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Ibera Wetlands

View Argentina, Brazil, South Georgia & Falklands on shaneandnicola's travel map.

15th to 19th February
This morning we headed for Esteros del Ibera (The Ibera Wetlands). The esteros are the second-largest wetlands in the world after Pantanal in Brazil. Since 1983, the wetlands are part of a protected area which comprises 13,000 km². Iberá is also one of the most important fresh water reservoirs in the continent. They are a mixture of marshlands, lagoons and savannah grasslands. It is home to the two Argentine species of alligator, the Yacare caiman and the broad snouted caiman as well as the capybara (the world's largest rodent) and about 350 species of birds.
This was to be a 7 hour drive. We had 5 hours of tarmac and 2 hours of dirt road. The real adventure began on the dirt road. It was amazing, as soon as we turned onto the dirt road there was an abundance of birds such as cranes, herons and pink spoonbills.
This is the Garza Rosada (pink spoonbill)
We headed for a little town called Colonia Carlos Pellegrini in the province of Corrientes.
It is a quaint little town with dirt roads and old fashioned street lights and has a population of 800 people. We arrived at the Posada Aguape which is our home for the next 4 days. It is located right on the Ibera lagoon.
Being summer it doesn’t even cool down much in the evenings and there is a nice outdoor area where we have all of our meals. As it is quite a remote place all meals have been provided and the food has been excellent. Both lunch and dinner have been 3 course meals.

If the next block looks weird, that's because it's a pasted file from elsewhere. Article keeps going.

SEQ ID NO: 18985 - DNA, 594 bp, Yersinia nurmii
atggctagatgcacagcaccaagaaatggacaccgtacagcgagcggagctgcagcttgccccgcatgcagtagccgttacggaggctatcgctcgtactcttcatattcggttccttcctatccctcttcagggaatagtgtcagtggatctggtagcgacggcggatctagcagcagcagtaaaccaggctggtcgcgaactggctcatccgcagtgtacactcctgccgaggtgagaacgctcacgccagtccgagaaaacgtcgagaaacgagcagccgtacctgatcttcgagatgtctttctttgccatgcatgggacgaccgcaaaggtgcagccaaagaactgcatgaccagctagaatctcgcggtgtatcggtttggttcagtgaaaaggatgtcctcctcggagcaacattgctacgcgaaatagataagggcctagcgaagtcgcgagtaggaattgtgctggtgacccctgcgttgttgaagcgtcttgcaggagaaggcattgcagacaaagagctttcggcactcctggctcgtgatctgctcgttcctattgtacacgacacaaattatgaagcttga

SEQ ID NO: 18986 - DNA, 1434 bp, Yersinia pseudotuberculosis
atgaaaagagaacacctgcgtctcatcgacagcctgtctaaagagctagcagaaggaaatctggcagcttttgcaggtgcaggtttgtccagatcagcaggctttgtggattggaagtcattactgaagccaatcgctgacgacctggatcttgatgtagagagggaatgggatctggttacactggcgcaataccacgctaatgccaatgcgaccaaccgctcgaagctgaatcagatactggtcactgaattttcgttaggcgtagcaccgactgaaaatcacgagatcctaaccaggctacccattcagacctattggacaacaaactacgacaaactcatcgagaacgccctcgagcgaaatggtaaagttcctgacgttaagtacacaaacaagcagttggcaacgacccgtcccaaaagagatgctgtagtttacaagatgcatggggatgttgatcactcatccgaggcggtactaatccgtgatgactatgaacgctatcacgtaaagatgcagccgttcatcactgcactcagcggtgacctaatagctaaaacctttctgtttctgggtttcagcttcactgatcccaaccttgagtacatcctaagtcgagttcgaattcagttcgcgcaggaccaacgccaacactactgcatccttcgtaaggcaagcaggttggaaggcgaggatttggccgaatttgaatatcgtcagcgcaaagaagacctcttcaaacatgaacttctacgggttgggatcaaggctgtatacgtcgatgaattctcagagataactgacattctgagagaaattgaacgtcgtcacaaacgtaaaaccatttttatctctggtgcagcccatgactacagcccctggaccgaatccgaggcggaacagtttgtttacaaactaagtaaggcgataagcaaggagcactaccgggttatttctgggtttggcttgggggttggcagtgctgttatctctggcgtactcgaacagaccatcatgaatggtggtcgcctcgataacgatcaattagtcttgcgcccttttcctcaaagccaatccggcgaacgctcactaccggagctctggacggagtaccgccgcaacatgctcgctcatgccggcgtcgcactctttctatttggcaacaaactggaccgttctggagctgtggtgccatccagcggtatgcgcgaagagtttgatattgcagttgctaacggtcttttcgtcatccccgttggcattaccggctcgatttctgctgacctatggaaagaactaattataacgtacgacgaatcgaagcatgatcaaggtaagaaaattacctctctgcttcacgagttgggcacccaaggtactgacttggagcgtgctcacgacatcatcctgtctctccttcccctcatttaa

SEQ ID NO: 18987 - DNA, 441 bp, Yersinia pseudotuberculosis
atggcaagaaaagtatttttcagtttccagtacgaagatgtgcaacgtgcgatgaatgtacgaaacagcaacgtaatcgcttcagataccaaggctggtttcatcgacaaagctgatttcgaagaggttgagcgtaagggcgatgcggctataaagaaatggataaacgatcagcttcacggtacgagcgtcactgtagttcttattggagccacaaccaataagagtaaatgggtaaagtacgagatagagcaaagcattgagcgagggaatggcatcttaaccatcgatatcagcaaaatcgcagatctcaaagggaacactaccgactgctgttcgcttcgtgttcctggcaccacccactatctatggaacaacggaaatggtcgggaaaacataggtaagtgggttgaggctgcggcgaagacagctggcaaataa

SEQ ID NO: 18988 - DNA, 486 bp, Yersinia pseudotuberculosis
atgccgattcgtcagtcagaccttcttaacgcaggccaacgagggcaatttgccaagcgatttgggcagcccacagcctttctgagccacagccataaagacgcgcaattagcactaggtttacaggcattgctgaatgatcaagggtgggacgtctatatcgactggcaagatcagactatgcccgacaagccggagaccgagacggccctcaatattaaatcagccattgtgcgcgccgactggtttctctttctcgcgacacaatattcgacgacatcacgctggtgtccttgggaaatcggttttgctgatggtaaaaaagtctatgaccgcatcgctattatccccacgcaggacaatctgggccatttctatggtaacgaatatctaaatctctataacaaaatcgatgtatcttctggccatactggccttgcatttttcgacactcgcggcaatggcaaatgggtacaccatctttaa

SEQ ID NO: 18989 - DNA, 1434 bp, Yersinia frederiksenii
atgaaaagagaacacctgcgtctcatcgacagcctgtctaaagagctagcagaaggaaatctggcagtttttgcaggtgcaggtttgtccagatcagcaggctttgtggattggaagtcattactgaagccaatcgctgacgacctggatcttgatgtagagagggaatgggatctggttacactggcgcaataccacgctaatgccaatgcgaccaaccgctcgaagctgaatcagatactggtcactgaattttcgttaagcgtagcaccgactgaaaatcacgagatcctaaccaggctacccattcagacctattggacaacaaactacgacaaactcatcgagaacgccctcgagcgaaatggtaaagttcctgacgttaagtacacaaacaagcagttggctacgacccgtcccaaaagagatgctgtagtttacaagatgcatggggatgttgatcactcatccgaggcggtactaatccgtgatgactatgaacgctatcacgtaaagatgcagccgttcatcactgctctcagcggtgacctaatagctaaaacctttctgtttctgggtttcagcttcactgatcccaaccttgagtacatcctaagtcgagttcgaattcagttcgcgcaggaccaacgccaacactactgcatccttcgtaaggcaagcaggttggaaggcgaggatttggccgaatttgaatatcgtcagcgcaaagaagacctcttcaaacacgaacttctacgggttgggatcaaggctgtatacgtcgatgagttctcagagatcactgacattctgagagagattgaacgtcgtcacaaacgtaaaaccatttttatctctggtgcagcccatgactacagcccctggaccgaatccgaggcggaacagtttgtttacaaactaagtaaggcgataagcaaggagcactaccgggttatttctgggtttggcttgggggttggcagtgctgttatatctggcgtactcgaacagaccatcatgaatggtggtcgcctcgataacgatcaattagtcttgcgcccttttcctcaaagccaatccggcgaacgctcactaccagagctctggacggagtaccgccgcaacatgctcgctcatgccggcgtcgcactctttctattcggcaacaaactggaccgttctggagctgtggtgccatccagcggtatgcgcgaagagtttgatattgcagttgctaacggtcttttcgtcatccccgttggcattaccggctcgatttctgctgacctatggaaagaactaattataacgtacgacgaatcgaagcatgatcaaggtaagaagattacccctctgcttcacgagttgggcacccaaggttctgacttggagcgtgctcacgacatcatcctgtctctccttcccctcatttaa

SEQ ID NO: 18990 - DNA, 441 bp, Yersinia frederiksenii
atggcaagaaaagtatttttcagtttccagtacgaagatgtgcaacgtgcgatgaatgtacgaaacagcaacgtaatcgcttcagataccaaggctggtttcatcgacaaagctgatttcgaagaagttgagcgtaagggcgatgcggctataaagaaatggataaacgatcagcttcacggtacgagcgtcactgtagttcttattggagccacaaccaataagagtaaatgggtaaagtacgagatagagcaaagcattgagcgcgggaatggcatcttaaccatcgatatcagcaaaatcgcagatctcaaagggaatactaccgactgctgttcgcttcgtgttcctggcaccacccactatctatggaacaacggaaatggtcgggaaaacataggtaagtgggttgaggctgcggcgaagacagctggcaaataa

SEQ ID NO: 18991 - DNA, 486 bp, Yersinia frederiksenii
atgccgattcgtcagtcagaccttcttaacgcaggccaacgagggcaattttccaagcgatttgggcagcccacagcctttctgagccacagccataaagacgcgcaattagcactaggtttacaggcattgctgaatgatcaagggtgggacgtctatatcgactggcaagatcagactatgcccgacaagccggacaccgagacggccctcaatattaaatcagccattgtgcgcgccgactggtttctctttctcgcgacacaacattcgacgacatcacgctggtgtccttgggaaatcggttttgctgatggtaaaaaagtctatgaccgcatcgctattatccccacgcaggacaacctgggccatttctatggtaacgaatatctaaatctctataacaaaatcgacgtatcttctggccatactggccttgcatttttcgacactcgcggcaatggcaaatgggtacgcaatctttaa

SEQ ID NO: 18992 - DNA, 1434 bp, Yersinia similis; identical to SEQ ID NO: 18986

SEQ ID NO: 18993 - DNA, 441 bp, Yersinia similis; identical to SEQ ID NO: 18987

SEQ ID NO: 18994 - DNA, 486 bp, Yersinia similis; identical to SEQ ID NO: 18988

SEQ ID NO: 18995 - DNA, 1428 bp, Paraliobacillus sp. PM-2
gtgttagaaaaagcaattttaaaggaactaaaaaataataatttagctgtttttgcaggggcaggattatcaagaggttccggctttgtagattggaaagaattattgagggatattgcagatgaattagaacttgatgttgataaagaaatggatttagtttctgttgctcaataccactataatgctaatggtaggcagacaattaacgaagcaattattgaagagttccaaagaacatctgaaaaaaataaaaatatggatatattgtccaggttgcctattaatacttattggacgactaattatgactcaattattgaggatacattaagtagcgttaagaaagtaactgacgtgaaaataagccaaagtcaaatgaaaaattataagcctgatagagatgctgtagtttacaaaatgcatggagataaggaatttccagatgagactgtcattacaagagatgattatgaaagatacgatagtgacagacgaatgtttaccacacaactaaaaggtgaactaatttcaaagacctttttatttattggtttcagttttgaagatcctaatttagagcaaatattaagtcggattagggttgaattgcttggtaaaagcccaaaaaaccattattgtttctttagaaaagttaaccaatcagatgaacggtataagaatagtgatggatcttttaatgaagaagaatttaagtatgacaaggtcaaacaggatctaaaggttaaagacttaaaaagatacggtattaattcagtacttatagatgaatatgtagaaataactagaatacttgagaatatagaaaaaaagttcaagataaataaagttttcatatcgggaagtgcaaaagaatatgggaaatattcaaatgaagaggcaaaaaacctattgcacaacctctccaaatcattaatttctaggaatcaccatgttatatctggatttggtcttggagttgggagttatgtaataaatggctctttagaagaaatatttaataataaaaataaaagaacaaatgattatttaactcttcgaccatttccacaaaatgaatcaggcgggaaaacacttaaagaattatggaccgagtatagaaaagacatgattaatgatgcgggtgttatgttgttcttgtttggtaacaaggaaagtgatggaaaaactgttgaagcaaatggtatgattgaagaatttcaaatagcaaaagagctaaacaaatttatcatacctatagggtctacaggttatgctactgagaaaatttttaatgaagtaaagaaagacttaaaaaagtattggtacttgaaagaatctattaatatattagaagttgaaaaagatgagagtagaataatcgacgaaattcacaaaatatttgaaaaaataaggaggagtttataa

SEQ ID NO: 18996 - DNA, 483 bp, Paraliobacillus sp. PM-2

They leave the left over bread out for the birds who provide us with never ending entertainment. Not only because of the variety of birds that arrive but also because of the cat and mouse games that they play, especially between the Giant Woodrails and the Southern Lapwings. As we eat our meals a lovely little Red Crested Cardinal always comes to visit, he sits right along side you as you eat.
On our first evening we walked along the little boardwalk to see the sun set and next minute we heard a big splash. We were lucky enough to come across our first caiman.
We left our room in the evening to go to dinner and we both jumped. As we opened our door 2 little toads try to hop through the door. They were everywhere and come out in the evenings. I was worried I was going to step on them. You had to gently kick them away from the door to get in and out.